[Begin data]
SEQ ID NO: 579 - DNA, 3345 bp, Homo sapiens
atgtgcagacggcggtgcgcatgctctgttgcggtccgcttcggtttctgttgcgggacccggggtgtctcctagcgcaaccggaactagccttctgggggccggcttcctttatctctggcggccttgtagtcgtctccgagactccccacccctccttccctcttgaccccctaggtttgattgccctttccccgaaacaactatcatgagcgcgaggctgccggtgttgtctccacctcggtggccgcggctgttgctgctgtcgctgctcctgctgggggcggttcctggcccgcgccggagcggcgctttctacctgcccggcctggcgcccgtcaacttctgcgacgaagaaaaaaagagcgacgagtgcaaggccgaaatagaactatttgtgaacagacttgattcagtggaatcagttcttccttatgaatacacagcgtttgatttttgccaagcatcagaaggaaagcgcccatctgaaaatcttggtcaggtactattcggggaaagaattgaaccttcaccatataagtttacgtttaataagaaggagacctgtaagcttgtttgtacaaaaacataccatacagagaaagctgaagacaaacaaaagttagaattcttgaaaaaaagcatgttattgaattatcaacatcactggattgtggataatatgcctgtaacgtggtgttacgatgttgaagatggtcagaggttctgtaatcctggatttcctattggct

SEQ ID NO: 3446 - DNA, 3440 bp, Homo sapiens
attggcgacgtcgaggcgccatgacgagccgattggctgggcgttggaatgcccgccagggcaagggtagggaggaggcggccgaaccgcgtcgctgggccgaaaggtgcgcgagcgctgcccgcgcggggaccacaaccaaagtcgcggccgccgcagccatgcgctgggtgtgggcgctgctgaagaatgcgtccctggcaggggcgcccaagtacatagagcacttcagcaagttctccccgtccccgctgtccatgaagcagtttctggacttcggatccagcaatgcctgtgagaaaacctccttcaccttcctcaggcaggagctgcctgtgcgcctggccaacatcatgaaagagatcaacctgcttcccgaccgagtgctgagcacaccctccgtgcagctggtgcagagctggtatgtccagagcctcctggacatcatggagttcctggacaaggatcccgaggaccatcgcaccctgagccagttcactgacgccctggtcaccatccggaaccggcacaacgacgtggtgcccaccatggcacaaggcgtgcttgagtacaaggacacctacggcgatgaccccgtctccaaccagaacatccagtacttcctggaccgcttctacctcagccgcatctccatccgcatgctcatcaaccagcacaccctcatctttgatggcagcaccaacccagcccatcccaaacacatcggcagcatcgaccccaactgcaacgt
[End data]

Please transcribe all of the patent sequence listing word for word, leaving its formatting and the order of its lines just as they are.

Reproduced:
SEQ ID NO: 579 - DNA, 3345 bp, Homo sapiens
atgtgcagacggcggtgcgcatgctctgttgcggtccgcttcggtttctgttgcgggacccggggtgtctcctagcgcaaccggaactagccttctgggggccggcttcctttatctctggcggccttgtagtcgtctccgagactccccacccctccttccctcttgaccccctaggtttgattgccctttccccgaaacaactatcatgagcgcgaggctgccggtgttgtctccacctcggtggccgcggctgttgctgctgtcgctgctcctgctgggggcggttcctggcccgcgccggagcggcgctttctacctgcccggcctggcgcccgtcaacttctgcgacgaagaaaaaaagagcgacgagtgcaaggccgaaatagaactatttgtgaacagacttgattcagtggaatcagttcttccttatgaatacacagcgtttgatttttgccaagcatcagaaggaaagcgcccatctgaaaatcttggtcaggtactattcggggaaagaattgaaccttcaccatataagtttacgtttaataagaaggagacctgtaagcttgtttgtacaaaaacataccatacagagaaagctgaagacaaacaaaagttagaattcttgaaaaaaagcatgttattgaattatcaacatcactggattgtggataatatgcctgtaacgtggtgttacgatgttgaagatggtcagaggttctgtaatcctggatttcctattggct

SEQ ID NO: 3446 - DNA, 3440 bp, Homo sapiens
attggcgacgtcgaggcgccatgacgagccgattggctgggcgttggaatgcccgccagggcaagggtagggaggaggcggccgaaccgcgtcgctgggccgaaaggtgcgcgagcgctgcccgcgcggggaccacaaccaaagtcgcggccgccgcagccatgcgctgggtgtgggcgctgctgaagaatgcgtccctggcaggggcgcccaagtacatagagcacttcagcaagttctccccgtccccgctgtccatgaagcagtttctggacttcggatccagcaatgcctgtgagaaaacctccttcaccttcctcaggcaggagctgcctgtgcgcctggccaacatcatgaaagagatcaacctgcttcccgaccgagtgctgagcacaccctccgtgcagctggtgcagagctggtatgtccagagcctcctggacatcatggagttcctggacaaggatcccgaggaccatcgcaccctgagccagttcactgacgccctggtcaccatccggaaccggcacaacgacgtggtgcccaccatggcacaaggcgtgcttgagtacaaggacacctacggcgatgaccccgtctccaaccagaacatccagtacttcctggaccgcttctacctcagccgcatctccatccgcatgctcatcaaccagcacaccctcatctttgatggcagcaccaacccagcccatcccaaacacatcggcagcatcgaccccaactgcaacgt